250 million measurements have resulted in the release of the highest available resolution digital elevation model (DEM) covering the Antarctic ice sheet and ice shelves. The model was developed from data collected by CryoSat-2 altimetry between July 2010 and July 2016.
The 1 kilometer resolution DEM is covers about 350,000 sq. km. more area than the previous DEM published in March 2017. The DEM covers elevation measurements for 94% of the continents ice sheets and 98% of ice shelf grid cells.
The European Space Agency launched CryoSat-2 on April 8, 2010, to collect data in order to better understand the relationship between the world’s ice layers and climate change. To study changes in polar ice coverage, the satellite collects data on ice thickness over land and ocean.
CryoSat’s radar altimeter is able to detect minor changes in ice height across Antarctica which means researchers will be able to track changes in the continents ice sheet.
The DEM can be accessed from the Centre for Polar Observation and Modelling (CPOM) portal.
Developing the Antarctica Elevation Dataset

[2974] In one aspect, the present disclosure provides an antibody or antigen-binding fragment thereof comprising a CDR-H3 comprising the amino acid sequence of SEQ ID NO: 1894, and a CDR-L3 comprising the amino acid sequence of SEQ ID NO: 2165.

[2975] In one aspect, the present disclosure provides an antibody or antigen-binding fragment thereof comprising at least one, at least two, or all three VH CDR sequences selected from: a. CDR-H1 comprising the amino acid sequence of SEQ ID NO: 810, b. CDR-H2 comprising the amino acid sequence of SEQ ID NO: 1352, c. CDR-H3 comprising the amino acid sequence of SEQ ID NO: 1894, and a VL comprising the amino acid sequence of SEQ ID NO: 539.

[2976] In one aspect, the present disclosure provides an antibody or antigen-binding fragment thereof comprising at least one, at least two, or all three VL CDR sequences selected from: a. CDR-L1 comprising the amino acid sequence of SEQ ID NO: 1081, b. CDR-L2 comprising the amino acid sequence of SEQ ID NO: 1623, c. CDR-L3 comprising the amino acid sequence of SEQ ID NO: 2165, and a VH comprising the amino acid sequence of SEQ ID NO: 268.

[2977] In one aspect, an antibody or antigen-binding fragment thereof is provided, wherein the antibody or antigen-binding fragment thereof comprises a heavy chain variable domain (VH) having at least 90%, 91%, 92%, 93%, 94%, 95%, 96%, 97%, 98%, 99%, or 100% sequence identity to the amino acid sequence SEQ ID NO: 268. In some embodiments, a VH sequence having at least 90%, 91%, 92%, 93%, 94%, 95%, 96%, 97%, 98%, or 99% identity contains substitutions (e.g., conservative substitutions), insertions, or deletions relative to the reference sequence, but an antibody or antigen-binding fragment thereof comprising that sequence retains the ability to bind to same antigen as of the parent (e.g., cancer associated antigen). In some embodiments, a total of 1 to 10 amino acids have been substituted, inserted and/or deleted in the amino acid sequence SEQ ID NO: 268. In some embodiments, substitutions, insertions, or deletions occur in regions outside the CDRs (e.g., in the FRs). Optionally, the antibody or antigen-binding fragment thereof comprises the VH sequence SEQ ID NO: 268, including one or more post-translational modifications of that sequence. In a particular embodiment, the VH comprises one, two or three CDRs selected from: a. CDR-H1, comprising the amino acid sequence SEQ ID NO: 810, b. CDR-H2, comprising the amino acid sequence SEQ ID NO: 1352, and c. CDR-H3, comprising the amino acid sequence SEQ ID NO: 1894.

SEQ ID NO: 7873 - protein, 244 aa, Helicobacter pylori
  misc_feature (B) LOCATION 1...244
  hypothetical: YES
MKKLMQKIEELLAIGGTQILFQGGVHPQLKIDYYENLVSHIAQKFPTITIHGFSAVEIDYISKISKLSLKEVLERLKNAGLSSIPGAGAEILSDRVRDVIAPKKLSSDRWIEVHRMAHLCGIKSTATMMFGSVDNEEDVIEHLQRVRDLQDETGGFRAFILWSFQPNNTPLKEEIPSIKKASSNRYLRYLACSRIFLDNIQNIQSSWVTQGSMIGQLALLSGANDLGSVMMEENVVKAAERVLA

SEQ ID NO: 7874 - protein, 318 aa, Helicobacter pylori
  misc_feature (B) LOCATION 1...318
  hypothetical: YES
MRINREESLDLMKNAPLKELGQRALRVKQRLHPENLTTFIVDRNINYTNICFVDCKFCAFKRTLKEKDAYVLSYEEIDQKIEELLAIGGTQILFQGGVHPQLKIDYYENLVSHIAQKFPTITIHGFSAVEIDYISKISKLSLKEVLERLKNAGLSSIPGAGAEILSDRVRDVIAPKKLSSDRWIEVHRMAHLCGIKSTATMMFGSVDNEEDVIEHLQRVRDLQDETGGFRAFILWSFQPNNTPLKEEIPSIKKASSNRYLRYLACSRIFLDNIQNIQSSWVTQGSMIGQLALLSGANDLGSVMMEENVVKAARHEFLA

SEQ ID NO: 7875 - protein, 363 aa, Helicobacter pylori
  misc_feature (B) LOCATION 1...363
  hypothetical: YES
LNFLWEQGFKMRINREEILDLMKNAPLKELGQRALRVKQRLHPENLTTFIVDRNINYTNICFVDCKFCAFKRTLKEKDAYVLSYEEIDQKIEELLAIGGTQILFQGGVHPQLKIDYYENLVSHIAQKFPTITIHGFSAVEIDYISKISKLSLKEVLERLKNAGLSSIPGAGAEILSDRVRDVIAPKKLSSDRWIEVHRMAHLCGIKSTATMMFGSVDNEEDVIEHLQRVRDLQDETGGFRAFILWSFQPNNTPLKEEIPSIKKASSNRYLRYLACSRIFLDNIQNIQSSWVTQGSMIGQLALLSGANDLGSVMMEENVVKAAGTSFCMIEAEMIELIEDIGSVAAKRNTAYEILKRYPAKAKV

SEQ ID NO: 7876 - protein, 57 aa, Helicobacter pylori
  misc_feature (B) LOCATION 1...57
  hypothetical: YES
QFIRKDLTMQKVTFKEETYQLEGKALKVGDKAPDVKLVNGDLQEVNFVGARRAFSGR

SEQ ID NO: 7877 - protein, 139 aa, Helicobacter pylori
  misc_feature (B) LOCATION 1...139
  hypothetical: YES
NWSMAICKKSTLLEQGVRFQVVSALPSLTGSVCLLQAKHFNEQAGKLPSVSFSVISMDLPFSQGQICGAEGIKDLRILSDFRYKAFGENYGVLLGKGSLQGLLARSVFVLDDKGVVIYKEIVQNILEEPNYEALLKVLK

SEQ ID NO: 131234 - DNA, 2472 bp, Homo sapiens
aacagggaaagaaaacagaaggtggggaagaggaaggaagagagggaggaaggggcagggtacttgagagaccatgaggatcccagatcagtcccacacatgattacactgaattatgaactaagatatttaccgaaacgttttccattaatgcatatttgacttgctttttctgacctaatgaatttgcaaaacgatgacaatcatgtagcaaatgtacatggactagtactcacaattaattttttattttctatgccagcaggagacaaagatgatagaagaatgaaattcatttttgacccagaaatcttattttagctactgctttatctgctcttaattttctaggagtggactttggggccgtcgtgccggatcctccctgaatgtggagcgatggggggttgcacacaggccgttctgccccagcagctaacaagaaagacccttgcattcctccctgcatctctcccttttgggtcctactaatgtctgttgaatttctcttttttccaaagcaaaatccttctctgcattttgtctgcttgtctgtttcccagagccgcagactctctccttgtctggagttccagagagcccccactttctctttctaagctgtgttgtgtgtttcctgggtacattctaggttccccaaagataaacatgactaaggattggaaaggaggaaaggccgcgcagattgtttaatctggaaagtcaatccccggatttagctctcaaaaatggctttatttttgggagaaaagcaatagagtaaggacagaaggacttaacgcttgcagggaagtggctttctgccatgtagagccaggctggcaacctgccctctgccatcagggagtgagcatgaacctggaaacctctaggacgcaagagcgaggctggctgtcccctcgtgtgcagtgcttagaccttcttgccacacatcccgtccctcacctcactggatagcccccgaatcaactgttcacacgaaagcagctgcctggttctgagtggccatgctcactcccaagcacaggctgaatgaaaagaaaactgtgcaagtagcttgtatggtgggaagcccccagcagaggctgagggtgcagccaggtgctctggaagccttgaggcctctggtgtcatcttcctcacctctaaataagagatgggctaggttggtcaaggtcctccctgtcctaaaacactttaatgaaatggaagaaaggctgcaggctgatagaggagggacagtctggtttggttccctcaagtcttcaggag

Researchers used 6 years of CryoSat-2 Baseline-C Level 2 surface elevation measurements collected between July 2010 and July 2016 by the SIRAL (SAR Interferometer Radar Altimeter) instrument on the CryoSat-2 spacecraft.
Once the DEM was developed, researchers compared the model’s elevation estimations to measurements taken by aircraft laser altimeters during NASA’s Operation IceBridge mission to assess the DEM’s accuracy.
Overall, 94 % of the grounded ice sheet and 98 % of the floating ice shelves were observed with the areas north of 88∘ S interpolated using ordinary kriging.
The details about the development of this DEM are available in:
Slater, Shepherd, McMillan, Muir, Gilbert, Hogg, Konrad and Parrinello: A new digital elevation model of Antarctica derived from CryoSat-2 altimetry, The Cryosphere, 2018. DOI 10.5194/tc-12-1551-2018.